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The botanical definition of a berry is a fleshy fruit produced from a single ovary. Grapes and avocados are two common examples. The berry is the most common type of fleshy fruit in which the entire ovary wall ripens into an edible pericarp. They may have one or more carpels. The seeds are usually embedded in the fleshy interior of the ovary, but there are some non-fleshy exceptions, such as peppers. A plant that bears berries is said to be bacciferous or baccate (a fruit that resembles a berry, whether it actually is a berry or not, can also be called "baccate").
In everyday English, "berry" is a term for any small edible fruit. These "berries" are usually juicy, round or semi-oblong, brightly coloured, sweet or sour, and do not have a stone or pit, although many seeds may be present.
Many berries, such as the tomato, are edible, but others in the same family, such as the fruits of the deadly nightshade (Atropa belladonna) and the fruits of the potato (Solanum tuberosum) are poisonous to humans. Some berries, such as Capsicum, have space rather than pulp around their seeds.
|Berries production in thousand tonnes (2012)|
|Papua New Guinea||106|
Examples of botanical berries include:
Berries which develop from an inferior ovary are sometimes termed epigynous berries or false berries, as opposed to true berries which develop from a superior ovary. In epigynous berries, the berry includes tissue derived from parts of the flower besides the ovary. The floral tube, formed from the basal part of the sepals, petals and stamens can become fleshy at maturity and is united with the ovary to form the fruit. Common fruits that are sometimes classified as epigynous berries include bananas, coffee, members of the genus Vaccinium (e.g., cranberries and blueberries), and members of the family Cucurbitaceae (e.g., cucumbers, melons and squash).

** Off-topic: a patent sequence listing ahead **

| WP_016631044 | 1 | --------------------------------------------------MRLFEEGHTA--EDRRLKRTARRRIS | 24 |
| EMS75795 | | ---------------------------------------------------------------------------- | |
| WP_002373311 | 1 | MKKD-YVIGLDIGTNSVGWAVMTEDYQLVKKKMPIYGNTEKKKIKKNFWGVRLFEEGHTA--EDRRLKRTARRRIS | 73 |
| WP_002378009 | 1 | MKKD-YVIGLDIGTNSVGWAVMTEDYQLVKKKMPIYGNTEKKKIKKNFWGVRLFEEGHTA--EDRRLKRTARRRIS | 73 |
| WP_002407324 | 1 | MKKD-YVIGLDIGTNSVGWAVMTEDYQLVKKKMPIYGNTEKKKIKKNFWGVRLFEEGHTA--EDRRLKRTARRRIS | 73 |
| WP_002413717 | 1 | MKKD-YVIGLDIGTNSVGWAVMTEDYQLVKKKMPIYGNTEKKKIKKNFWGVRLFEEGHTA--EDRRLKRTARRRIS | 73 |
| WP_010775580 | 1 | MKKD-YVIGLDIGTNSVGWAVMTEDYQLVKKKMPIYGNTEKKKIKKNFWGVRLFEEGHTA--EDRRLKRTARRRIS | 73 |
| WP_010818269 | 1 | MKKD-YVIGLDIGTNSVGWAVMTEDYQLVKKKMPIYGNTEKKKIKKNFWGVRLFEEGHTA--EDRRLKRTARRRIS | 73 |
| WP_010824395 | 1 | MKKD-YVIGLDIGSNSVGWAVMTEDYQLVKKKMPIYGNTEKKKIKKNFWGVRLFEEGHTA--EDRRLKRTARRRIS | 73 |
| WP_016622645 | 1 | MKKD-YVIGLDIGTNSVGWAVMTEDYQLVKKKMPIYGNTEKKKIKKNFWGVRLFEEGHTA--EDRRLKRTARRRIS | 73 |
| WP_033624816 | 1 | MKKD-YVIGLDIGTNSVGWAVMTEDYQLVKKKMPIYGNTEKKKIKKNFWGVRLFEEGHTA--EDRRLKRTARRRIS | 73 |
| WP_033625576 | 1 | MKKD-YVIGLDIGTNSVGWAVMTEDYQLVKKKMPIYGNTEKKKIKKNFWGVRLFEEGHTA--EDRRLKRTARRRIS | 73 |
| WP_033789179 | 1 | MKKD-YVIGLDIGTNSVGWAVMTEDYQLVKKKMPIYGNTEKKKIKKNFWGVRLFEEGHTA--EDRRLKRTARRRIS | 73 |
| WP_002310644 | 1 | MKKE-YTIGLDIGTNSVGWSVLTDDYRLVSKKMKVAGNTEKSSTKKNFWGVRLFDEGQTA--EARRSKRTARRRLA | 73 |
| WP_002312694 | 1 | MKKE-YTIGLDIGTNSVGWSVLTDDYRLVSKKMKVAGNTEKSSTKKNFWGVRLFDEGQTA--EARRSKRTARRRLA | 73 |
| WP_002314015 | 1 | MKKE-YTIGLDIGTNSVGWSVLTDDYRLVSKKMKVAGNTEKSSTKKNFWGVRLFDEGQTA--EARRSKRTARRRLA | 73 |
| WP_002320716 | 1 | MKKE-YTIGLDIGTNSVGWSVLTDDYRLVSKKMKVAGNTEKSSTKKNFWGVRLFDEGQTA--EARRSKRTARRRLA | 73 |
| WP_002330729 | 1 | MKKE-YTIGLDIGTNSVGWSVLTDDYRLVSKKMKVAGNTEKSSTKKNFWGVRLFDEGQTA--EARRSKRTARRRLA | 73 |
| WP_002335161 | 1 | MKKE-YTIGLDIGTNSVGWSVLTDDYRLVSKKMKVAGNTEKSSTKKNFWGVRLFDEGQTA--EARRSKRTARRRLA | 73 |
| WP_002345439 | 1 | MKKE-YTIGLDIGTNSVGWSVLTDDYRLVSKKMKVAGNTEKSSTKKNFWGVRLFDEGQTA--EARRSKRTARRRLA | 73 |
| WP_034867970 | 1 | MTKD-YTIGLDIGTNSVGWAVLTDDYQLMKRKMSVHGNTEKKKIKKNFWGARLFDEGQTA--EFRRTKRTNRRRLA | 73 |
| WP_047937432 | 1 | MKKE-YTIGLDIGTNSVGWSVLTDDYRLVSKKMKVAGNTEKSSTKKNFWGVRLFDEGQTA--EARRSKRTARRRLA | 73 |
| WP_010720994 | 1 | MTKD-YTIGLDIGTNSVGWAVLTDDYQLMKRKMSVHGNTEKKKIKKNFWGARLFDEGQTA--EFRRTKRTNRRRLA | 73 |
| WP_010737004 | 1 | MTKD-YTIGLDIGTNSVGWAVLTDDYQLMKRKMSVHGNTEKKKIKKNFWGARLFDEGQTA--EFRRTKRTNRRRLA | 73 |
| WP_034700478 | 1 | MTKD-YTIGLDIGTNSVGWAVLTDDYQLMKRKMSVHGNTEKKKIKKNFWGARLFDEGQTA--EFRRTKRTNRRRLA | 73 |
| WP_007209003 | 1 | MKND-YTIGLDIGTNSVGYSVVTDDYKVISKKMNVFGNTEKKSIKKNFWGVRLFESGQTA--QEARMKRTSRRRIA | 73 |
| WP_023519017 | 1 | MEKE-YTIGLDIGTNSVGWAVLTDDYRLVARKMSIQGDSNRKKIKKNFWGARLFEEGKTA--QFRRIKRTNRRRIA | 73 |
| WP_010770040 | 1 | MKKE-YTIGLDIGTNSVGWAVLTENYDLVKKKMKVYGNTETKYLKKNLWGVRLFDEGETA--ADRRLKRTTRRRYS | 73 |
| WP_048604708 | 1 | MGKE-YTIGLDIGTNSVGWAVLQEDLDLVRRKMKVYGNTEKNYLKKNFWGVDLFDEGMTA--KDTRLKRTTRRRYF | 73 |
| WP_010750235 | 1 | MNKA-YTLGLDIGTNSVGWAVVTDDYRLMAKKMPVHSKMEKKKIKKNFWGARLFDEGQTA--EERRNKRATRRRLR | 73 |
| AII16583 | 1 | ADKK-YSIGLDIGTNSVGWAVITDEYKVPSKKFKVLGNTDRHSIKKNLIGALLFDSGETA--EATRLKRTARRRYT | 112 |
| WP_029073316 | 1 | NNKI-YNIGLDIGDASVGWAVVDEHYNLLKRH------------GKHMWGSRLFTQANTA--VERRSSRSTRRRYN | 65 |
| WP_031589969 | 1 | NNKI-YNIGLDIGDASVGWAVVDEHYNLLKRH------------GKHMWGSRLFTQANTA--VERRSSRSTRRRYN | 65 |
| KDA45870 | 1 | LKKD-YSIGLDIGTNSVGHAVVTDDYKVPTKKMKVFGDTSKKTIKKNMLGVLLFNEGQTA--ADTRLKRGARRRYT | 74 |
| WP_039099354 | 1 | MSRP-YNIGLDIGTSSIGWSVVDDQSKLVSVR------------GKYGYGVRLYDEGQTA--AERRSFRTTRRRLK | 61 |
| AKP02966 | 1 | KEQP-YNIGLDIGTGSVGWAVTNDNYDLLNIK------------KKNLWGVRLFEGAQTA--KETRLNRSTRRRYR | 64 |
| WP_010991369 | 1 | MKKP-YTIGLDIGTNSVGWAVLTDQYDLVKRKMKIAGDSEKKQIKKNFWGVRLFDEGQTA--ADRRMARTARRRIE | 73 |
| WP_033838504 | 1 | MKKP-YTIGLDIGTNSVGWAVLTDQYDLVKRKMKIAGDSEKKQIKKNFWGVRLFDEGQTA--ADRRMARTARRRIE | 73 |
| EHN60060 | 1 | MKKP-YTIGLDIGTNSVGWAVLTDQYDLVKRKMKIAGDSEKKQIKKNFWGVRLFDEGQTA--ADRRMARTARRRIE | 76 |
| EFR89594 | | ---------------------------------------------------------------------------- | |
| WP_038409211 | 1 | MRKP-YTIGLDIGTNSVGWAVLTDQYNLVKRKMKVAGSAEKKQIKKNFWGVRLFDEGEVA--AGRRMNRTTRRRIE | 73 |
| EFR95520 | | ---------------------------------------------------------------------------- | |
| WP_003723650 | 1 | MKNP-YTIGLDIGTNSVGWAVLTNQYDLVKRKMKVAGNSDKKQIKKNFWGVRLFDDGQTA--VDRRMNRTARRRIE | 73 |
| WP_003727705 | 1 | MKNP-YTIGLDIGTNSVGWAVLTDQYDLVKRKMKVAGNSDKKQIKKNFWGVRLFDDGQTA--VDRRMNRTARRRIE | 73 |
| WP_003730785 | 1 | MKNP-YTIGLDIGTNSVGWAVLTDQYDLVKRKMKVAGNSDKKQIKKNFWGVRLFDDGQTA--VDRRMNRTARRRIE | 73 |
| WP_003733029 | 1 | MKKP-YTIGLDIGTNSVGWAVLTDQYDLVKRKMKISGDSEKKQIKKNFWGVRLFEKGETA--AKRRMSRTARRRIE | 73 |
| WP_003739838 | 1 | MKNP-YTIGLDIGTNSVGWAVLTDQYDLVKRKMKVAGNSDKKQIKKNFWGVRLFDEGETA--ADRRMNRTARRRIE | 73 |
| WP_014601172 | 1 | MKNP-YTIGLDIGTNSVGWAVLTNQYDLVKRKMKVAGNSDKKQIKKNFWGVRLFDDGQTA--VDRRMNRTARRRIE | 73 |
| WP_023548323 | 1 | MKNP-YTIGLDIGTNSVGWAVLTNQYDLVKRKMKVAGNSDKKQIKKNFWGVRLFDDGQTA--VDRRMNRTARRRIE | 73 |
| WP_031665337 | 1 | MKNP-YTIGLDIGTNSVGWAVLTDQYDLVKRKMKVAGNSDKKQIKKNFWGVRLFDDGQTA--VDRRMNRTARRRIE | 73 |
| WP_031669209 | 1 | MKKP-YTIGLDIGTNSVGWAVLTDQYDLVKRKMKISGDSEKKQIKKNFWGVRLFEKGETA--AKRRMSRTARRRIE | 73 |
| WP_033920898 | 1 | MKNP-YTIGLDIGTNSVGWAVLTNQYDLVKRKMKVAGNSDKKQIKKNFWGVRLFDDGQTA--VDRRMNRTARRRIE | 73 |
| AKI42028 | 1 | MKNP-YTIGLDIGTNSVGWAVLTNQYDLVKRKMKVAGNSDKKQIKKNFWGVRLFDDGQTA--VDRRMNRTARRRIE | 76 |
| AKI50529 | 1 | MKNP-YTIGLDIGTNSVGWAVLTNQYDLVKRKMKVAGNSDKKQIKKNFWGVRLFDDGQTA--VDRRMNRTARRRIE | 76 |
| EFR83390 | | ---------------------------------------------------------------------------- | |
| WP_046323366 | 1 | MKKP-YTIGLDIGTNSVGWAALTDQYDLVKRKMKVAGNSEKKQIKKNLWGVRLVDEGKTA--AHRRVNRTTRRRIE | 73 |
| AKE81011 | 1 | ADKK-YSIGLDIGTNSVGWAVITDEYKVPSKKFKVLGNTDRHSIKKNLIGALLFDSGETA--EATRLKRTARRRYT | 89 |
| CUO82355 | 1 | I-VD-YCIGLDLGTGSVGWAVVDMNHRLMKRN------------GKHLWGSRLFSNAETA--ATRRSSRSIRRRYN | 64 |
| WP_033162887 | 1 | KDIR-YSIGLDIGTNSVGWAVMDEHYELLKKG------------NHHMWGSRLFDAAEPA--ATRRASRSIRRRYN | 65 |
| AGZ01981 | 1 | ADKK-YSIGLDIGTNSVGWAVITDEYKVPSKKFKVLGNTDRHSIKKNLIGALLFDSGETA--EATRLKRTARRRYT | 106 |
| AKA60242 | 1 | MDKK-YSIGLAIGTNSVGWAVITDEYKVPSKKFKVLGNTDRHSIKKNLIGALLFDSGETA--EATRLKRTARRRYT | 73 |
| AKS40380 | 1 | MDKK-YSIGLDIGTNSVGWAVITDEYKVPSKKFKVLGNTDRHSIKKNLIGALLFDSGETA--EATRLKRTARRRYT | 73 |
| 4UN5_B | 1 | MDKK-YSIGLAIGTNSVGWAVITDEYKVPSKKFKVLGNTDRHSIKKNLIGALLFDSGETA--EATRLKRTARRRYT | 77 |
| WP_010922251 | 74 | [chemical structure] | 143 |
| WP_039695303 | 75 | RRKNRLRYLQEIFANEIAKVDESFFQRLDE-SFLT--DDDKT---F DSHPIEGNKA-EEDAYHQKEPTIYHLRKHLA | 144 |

Another specialized term is also used for Cucurbitaceae fruits, which are modified to have a hard outer rind, and are given the special name pepo. While pepos are most common in the Cucurbitaceae, the fruits of Passiflora and Carica are sometimes also considered pepos.
Many fruits commonly referred to as berries are not actual berries by the scientific definition, but fall into one of the following categories:
Other drupe-like fruits with a single seed that lack the stony endocarp include Sea-buckthorn (Hippophae rhamnoides, Elaeagnaceae), an achene surrounded by the swollen hypanthium, which provides the fleshy layer.
The pome fruits produced by plants in subtribe Pyrinae of family Rosaceae, such as apples and pears, have a structure (the core) that clearly separates the seeds from the ovary tissue. However, some of the smaller pomes are sometimes referred to as berries. Bright red haws from Crataegus are sometimes called hawberries. Amelanchier pomes become so soft at maturity that they resemble a blueberry and are known as Juneberries or Saskatoon berries.
Multiple fruits include the fruits of multiple flowers that are merged or packed closely together. The mulberry is a berry-like example of a multiple fruit; it develops from a cluster of tiny separate flowers that become compressed as they develop into fruit.
In accessory fruits, the edible part is not generated by the ovary. Berry-like examples include:
Berries are typically of a contrasting color to their background (often of green leaves), making them visible and attractive to frugivorous animals and birds. This assists the wide dispersal of the plants' seeds.
Berry colors are due to natural plant pigments, many of which are polyphenols, such as the flavonoids, anthocyanins, and tannins, localized mainly in berry skins and seeds. Berry pigments are usually antioxidants in vitro. However, there is no physiological evidence established to date that berry polyphenols have actual antioxidant value within the human body, and it is not permitted to claim that polyphenols have antioxidant health value on product labels in the United States and Europe.
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